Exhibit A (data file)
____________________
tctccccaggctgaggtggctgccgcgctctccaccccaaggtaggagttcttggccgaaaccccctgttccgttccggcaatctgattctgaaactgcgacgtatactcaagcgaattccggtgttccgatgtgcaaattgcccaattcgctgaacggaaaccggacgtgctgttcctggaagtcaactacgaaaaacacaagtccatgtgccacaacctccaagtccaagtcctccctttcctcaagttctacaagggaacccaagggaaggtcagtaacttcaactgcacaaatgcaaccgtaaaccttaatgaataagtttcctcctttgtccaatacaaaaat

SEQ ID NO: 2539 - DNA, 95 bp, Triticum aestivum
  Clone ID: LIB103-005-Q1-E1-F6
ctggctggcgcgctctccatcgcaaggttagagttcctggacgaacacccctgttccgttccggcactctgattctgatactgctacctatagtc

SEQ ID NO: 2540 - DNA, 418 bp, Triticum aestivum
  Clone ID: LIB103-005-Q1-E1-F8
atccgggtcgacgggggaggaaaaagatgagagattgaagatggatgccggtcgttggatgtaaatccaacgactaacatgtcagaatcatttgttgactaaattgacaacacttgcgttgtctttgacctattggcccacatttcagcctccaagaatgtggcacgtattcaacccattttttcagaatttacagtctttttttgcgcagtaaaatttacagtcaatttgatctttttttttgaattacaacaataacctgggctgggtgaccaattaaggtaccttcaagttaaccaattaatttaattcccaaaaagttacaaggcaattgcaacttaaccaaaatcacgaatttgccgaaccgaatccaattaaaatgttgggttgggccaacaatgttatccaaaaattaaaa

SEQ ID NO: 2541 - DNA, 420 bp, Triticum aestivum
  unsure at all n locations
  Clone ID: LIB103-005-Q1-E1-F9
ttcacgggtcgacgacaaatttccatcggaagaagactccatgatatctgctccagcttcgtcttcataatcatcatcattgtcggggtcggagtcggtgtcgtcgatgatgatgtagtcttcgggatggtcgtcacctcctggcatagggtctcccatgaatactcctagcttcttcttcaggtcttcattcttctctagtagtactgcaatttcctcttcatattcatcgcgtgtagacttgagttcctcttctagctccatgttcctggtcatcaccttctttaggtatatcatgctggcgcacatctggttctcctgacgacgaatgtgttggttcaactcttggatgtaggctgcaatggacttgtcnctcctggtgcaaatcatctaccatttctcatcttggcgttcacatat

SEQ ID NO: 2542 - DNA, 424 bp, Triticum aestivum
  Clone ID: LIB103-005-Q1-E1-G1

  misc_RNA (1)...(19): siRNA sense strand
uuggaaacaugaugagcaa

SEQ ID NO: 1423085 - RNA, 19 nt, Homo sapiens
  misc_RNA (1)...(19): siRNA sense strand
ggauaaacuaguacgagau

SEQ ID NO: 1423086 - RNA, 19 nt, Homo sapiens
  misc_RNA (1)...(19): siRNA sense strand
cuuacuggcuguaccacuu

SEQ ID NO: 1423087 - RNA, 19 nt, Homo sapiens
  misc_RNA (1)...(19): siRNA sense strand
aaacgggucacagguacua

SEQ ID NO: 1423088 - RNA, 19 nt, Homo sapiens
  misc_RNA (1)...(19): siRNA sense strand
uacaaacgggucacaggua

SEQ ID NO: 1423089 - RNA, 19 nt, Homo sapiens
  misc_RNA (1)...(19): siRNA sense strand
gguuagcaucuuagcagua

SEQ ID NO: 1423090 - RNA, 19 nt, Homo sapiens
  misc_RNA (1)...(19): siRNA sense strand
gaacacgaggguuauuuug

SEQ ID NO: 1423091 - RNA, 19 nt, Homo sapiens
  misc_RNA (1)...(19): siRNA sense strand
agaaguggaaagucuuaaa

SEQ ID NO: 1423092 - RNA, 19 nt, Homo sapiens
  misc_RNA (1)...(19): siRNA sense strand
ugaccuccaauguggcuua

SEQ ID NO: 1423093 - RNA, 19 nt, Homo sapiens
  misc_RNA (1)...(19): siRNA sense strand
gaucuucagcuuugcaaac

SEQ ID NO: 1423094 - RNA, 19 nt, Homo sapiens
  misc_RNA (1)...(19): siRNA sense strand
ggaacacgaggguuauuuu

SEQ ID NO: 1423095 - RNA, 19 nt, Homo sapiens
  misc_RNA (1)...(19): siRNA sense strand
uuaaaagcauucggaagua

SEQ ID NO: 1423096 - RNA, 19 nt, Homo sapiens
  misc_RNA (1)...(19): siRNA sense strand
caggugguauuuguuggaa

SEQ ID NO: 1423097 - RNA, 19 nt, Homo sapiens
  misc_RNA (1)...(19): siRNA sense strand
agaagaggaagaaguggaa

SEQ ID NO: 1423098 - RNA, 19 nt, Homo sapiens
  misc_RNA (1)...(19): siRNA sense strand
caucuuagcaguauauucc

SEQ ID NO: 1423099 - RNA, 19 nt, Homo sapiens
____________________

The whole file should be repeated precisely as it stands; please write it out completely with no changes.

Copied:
tctccccaggctgaggtggctgccgcgctctccaccccaaggtaggagttcttggccgaaaccccctgttccgttccggcaatctgattctgaaactgcgacgtatactcaagcgaattccggtgttccgatgtgcaaattgcccaattcgctgaacggaaaccggacgtgctgttcctggaagtcaactacgaaaaacacaagtccatgtgccacaacctccaagtccaagtcctccctttcctcaagttctacaagggaacccaagggaaggtcagtaacttcaactgcacaaatgcaaccgtaaaccttaatgaataagtttcctcctttgtccaatacaaaaat

SEQ ID NO: 2539 - DNA, 95 bp, Triticum aestivum
  Clone ID: LIB103-005-Q1-E1-F6
ctggctggcgcgctctccatcgcaaggttagagttcctggacgaacacccctgttccgttccggcactctgattctgatactgctacctatagtc

SEQ ID NO: 2540 - DNA, 418 bp, Triticum aestivum
  Clone ID: LIB103-005-Q1-E1-F8
atccgggtcgacgggggaggaaaaagatgagagattgaagatggatgccggtcgttggatgtaaatccaacgactaacatgtcagaatcatttgttgactaaattgacaacacttgcgttgtctttgacctattggcccacatttcagcctccaagaatgtggcacgtattcaacccattttttcagaatttacagtctttttttgcgcagtaaaatttacagtcaatttgatctttttttttgaattacaacaataacctgggctgggtgaccaattaaggtaccttcaagttaaccaattaatttaattcccaaaaagttacaaggcaattgcaacttaaccaaaatcacgaatttgccgaaccgaatccaattaaaatgttgggttgggccaacaatgttatccaaaaattaaaa

SEQ ID NO: 2541 - DNA, 420 bp, Triticum aestivum
  unsure at all n locations
  Clone ID: LIB103-005-Q1-E1-F9
ttcacgggtcgacgacaaatttccatcggaagaagactccatgatatctgctccagcttcgtcttcataatcatcatcattgtcggggtcggagtcggtgtcgtcgatgatgatgtagtcttcgggatggtcgtcacctcctggcatagggtctcccatgaatactcctagcttcttcttcaggtcttcattcttctctagtagtactgcaatttcctcttcatattcatcgcgtgtagacttgagttcctcttctagctccatgttcctggtcatcaccttctttaggtatatcatgctggcgcacatctggttctcctgacgacgaatgtgttggttcaactcttggatgtaggctgcaatggacttgtcnctcctggtgcaaatcatctaccatttctcatcttggcgttcacatat

SEQ ID NO: 2542 - DNA, 424 bp, Triticum aestivum
  Clone ID: LIB103-005-Q1-E1-G1

  misc_RNA (1)...(19): siRNA sense strand
uuggaaacaugaugagcaa

SEQ ID NO: 1423085 - RNA, 19 nt, Homo sapiens
  misc_RNA (1)...(19): siRNA sense strand
ggauaaacuaguacgagau

SEQ ID NO: 1423086 - RNA, 19 nt, Homo sapiens
  misc_RNA (1)...(19): siRNA sense strand
cuuacuggcuguaccacuu

SEQ ID NO: 1423087 - RNA, 19 nt, Homo sapiens
  misc_RNA (1)...(19): siRNA sense strand
aaacgggucacagguacua

SEQ ID NO: 1423088 - RNA, 19 nt, Homo sapiens
  misc_RNA (1)...(19): siRNA sense strand
uacaaacgggucacaggua

SEQ ID NO: 1423089 - RNA, 19 nt, Homo sapiens
  misc_RNA (1)...(19): siRNA sense strand
gguuagcaucuuagcagua

SEQ ID NO: 1423090 - RNA, 19 nt, Homo sapiens
  misc_RNA (1)...(19): siRNA sense strand
gaacacgaggguuauuuug

SEQ ID NO: 1423091 - RNA, 19 nt, Homo sapiens
  misc_RNA (1)...(19): siRNA sense strand
agaaguggaaagucuuaaa

SEQ ID NO: 1423092 - RNA, 19 nt, Homo sapiens
  misc_RNA (1)...(19): siRNA sense strand
ugaccuccaauguggcuua

SEQ ID NO: 1423093 - RNA, 19 nt, Homo sapiens
  misc_RNA (1)...(19): siRNA sense strand
gaucuucagcuuugcaaac

SEQ ID NO: 1423094 - RNA, 19 nt, Homo sapiens
  misc_RNA (1)...(19): siRNA sense strand
ggaacacgaggguuauuuu

SEQ ID NO: 1423095 - RNA, 19 nt, Homo sapiens
  misc_RNA (1)...(19): siRNA sense strand
uuaaaagcauucggaagua

SEQ ID NO: 1423096 - RNA, 19 nt, Homo sapiens
  misc_RNA (1)...(19): siRNA sense strand
caggugguauuuguuggaa

SEQ ID NO: 1423097 - RNA, 19 nt, Homo sapiens
  misc_RNA (1)...(19): siRNA sense strand
agaagaggaagaaguggaa

SEQ ID NO: 1423098 - RNA, 19 nt, Homo sapiens
  misc_RNA (1)...(19): siRNA sense strand
caucuuagcaguauauucc

SEQ ID NO: 1423099 - RNA, 19 nt, Homo sapiens